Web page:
18. History of the World: Part II (73%/35%) – NEW
This comedy is a return to the popular Mel Brooks movie from 1981, History of the World, Part I. Now, a new series of sketches covering human history spread out over eight hilarious episodes. Mel Brooks himself is back, at 96 years old, joined by Wanda Sykes, Nick Kroll, and Ike Barinholtz, as well as extensive guest stars including Taika Waititi, Sarah Silverman, Kumail Nanjiani, Seth Rogan, Danny DeVito, David Duchovny, and many many more.
Old Favorites and Honorable Mentions
Many of these series have been over for a bit, or aren’t truly Hulu Originals, but we couldn’t entirely take them off the list of the top recommendations, as they are still choice selections in Hulu’s collections.
Futurama (94%) – NEW
From the creator of The Simpsons comes another revival/extension of the popular and quirky animated series that first debuted in 1999. The series follows the wacky adventures of Phillip J. Fry, a 20th-century slacker cryogenically preserved for 1000 years. Waking up in 2999, he gets a job at an interplanetary delivery company, working alongside the robot Bender and one-eyed Leela, who soon becomes Fry’s on-again, off-again love interest.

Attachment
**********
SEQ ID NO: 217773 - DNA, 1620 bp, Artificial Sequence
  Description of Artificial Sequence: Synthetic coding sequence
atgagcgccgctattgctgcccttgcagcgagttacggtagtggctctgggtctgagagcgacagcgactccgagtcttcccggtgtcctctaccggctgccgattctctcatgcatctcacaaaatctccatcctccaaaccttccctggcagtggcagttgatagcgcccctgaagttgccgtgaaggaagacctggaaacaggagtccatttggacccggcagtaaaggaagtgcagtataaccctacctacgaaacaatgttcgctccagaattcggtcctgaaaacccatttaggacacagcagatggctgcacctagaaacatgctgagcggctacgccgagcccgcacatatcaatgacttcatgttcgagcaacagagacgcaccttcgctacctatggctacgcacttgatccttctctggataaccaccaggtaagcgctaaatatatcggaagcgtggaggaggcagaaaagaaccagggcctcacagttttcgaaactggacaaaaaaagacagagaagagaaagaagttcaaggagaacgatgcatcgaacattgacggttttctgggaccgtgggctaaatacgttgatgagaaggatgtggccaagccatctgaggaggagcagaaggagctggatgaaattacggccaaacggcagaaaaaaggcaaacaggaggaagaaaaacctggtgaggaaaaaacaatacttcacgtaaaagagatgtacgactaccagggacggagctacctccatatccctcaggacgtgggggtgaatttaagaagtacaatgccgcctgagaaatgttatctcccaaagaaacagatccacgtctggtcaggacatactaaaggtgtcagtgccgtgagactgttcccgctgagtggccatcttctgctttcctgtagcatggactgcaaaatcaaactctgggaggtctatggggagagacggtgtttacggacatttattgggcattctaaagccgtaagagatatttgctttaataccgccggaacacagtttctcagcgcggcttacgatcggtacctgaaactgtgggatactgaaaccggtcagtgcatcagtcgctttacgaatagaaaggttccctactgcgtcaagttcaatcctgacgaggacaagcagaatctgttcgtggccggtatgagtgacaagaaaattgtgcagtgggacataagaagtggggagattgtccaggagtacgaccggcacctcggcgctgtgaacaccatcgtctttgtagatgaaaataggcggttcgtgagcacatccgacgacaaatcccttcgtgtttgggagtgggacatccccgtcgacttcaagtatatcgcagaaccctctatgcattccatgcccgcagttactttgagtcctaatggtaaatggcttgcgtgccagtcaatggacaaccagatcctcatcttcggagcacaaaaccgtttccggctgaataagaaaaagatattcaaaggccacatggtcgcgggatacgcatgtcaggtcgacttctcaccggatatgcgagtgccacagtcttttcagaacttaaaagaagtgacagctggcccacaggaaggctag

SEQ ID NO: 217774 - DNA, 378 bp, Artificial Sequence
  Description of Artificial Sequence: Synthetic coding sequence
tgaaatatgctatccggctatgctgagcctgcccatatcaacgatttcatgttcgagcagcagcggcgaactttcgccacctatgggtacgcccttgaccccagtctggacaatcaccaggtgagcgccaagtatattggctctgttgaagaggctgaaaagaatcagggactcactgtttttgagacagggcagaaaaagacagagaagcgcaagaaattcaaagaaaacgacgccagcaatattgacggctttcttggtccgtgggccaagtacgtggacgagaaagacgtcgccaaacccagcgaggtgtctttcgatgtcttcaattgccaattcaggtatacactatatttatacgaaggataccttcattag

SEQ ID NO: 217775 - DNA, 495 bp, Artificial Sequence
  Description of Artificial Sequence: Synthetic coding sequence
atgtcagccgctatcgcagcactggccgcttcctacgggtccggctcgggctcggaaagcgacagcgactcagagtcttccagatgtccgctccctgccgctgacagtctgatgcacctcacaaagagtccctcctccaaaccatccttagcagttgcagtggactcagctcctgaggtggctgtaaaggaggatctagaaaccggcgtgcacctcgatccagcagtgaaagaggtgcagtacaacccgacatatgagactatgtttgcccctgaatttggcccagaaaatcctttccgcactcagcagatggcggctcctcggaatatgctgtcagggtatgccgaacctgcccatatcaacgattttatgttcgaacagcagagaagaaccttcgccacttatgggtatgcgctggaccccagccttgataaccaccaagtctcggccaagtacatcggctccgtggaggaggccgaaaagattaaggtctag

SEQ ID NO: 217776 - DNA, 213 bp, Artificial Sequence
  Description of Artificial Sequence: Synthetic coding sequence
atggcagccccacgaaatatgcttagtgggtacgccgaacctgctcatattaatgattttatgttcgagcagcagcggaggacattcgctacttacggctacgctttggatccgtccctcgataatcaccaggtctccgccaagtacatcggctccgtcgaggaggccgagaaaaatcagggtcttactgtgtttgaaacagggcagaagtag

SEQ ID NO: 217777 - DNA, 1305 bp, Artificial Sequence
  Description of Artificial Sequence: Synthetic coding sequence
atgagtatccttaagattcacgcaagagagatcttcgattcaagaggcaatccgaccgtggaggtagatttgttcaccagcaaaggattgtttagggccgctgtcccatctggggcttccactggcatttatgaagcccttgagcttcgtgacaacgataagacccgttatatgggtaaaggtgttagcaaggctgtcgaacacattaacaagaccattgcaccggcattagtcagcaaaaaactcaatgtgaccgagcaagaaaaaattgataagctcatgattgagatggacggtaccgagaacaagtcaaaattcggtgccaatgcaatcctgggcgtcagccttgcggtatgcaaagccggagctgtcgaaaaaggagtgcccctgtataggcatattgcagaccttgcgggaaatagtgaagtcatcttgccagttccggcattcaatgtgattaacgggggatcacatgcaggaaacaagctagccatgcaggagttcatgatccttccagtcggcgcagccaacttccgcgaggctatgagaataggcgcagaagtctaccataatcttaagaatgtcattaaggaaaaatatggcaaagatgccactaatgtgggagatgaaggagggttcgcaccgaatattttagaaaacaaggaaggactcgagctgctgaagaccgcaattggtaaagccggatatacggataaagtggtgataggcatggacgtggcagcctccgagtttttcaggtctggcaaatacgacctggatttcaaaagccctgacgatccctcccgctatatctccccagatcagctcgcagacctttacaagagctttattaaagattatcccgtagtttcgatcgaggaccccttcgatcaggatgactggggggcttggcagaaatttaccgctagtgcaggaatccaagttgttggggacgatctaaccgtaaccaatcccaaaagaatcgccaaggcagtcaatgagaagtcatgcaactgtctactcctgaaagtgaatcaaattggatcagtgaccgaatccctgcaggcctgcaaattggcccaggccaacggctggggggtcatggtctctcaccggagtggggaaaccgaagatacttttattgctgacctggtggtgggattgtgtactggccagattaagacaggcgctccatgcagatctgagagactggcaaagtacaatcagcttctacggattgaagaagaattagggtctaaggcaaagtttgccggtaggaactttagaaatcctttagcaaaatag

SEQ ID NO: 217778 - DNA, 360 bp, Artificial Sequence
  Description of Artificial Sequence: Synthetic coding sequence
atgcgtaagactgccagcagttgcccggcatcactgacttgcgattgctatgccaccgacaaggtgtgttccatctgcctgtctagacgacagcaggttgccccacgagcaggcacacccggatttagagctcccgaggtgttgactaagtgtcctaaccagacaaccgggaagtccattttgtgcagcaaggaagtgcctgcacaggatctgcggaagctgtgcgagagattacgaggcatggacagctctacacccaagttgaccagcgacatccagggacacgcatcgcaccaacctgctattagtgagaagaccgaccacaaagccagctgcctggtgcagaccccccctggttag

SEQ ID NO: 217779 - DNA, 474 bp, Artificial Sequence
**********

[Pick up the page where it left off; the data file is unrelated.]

Harlots (97%/89%) – 3 seasons, ended
For three shining seasons, this period drama a co-produced by Hulu and ITV in the UK, continually carried strong ratings and viewer popularity. Created by Alison Newman and Moira Buffini, Harlotsis a primarily female-driven project, written and directed by women and starring an impressive group of leading ladies. The series is a lush romp set in 18th-century England’s sex trade. The story follows Margaret Wells, a woman balancing her role as a brothel owner with raising two daughters in an era very much driven by the patriarchy.
PEN15 (97%/87%) – 2 seasons, ended
This whimsically awkward comedy, co-created and written by real-life best friends Maya Erskine (Casual, Insecure) and Anna Konkle (Rosewood, Maron), chronicles “middle school as it happened.” From burgeoning sexuality and early romantic encounters to the challenges of changing friendships and peer pressure, PEN15 tackles each awkward bump on the road to maturity—with the added twist of the adult creators playing13-year-old versions of themselves surrounded by actual teen actors. Both endearing and cringe-worthy, PEN15 has won over audiences and critics alike.
Future Man (91%/83%) – 3 seasons, ended